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A never-say-die project, on DVD

Lawrence Toppman
Lawrence Toppman
Lawrence Toppman is a theater critic and culture writer with The Charlotte Observer.

For every “Leatherheads” our region imports, there are a dozen filmmakers a friend of mine calls “graniteheads” – people who won't be stopped and butt their way through every obstacle. An unusual example has crossed my desk.

“Death, Taxes … and Chocolate!” comes from New Bern writer Andrea Levinson Stern and director Bud Dowdey. The main characters are people over 60 (which alone makes this a novelty) who agree to kill themselves when disease or despair grow unbearable.

They approach decrepitude over a 10-year span with wit and humor. The film includes a long but interesting lecture about the history of chocolate and a screed against “health fascists” who suppress alternative healers. But it's mostly a serious-minded comedy.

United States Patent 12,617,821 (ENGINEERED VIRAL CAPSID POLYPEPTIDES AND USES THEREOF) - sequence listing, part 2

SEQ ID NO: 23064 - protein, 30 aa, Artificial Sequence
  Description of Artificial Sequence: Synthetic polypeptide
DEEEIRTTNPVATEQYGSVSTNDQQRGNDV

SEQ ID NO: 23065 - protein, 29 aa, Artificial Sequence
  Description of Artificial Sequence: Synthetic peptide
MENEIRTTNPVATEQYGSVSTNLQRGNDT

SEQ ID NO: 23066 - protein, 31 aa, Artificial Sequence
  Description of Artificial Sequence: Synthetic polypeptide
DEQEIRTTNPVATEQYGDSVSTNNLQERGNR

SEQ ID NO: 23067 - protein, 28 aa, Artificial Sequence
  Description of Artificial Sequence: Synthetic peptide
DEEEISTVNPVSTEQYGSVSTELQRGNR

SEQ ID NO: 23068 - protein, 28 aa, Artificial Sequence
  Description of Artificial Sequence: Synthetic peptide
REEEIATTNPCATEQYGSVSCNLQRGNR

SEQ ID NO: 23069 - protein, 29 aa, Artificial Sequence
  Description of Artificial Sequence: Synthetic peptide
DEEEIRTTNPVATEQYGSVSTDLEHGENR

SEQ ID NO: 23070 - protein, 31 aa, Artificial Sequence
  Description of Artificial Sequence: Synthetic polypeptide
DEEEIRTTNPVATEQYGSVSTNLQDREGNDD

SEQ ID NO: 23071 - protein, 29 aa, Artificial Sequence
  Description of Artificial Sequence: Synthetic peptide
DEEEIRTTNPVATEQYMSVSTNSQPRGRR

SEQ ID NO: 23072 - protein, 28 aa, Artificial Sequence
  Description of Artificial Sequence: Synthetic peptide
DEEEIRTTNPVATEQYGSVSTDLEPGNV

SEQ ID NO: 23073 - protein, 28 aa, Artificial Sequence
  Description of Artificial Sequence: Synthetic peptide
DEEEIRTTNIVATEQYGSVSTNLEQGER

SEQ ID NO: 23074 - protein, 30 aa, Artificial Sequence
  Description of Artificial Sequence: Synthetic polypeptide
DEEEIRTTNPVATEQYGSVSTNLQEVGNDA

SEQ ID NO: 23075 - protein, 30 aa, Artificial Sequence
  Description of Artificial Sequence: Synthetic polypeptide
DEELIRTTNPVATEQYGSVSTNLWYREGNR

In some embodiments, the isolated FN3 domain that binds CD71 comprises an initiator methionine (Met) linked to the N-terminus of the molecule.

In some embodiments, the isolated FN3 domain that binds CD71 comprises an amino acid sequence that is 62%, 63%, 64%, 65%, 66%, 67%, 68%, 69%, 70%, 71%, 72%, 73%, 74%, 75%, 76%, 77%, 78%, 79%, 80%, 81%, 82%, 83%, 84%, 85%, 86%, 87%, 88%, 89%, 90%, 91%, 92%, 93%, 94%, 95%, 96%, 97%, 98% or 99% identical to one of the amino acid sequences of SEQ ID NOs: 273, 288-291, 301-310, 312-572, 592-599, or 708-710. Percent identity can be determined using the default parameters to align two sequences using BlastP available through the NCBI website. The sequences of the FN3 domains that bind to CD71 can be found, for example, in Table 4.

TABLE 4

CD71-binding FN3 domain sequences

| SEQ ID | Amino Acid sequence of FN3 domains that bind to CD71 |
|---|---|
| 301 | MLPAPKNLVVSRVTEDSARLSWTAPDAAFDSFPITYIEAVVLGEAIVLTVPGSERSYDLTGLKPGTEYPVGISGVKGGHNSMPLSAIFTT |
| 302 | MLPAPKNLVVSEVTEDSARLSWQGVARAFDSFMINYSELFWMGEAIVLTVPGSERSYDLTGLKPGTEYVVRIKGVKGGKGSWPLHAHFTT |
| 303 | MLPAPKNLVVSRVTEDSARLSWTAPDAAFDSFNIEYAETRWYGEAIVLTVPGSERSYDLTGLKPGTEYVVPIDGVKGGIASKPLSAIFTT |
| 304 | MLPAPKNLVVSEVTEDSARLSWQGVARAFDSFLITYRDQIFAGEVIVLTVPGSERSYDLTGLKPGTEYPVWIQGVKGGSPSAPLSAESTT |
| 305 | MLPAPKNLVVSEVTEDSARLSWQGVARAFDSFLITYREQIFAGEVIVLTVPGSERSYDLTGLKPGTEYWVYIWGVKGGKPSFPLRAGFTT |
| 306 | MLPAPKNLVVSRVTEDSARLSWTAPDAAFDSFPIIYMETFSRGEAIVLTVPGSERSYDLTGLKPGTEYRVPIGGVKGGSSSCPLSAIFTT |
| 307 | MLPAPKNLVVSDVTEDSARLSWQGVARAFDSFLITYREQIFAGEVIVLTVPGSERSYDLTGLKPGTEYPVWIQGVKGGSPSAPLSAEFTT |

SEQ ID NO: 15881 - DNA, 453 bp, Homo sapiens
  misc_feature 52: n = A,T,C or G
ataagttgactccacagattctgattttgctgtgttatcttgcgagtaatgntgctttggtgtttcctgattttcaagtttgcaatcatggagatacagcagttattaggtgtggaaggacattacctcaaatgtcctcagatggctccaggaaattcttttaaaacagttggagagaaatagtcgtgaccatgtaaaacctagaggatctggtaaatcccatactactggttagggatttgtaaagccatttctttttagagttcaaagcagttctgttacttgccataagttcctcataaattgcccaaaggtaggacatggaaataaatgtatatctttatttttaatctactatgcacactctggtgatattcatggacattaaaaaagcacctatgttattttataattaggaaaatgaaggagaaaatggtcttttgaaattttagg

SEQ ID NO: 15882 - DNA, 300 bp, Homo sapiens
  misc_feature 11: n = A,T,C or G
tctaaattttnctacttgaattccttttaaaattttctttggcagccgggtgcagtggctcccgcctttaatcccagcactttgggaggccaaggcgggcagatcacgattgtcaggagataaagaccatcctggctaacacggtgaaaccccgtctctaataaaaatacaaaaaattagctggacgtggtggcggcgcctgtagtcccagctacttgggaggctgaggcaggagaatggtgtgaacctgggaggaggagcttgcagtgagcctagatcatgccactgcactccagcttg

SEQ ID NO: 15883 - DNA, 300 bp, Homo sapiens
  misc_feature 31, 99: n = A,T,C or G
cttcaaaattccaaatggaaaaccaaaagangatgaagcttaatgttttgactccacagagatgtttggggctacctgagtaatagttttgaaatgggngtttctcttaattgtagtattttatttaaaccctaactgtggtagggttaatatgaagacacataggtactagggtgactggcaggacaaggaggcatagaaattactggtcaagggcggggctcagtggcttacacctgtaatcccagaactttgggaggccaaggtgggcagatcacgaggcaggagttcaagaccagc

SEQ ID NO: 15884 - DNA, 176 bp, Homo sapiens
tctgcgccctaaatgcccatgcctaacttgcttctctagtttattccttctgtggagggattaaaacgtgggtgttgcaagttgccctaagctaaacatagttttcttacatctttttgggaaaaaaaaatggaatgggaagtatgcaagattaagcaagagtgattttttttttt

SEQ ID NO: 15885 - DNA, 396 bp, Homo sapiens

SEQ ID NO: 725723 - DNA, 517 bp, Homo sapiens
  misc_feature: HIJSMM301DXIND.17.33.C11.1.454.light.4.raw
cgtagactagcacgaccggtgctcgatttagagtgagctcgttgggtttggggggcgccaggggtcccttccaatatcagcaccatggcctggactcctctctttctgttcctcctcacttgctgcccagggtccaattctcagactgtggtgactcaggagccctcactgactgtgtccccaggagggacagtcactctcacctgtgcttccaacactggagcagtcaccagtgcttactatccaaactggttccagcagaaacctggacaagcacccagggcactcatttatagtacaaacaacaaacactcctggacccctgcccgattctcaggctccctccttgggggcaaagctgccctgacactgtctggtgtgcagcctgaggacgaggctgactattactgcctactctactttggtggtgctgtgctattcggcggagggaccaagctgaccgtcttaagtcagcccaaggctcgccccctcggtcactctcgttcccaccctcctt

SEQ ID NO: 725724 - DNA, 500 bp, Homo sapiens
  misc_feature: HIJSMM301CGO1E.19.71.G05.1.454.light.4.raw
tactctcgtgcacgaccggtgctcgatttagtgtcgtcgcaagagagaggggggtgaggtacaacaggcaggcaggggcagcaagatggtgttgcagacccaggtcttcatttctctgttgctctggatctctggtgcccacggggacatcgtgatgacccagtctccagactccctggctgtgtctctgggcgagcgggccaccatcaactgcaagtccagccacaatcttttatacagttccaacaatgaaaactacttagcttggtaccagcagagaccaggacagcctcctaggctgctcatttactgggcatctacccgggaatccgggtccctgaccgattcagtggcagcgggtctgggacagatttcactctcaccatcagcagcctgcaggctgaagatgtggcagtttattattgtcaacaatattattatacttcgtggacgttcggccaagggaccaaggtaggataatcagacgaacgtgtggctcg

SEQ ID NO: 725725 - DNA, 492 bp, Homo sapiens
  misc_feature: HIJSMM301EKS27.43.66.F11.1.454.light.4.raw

The movie was shot up and down the N.C. coast. It has played festivals, including the L.A. branch of the New York International Independent Film and Video Festival, where it won best original screenplay and best supporting actress for Fort Mill's Catherine Trail.

It has no distributor, though. That's partly due to the no-name cast, but also, the film is a tough sell: In our escapist world, only a small demographic of people are willing to watch a film about senior citizens plotting their deaths. But I'm in it.

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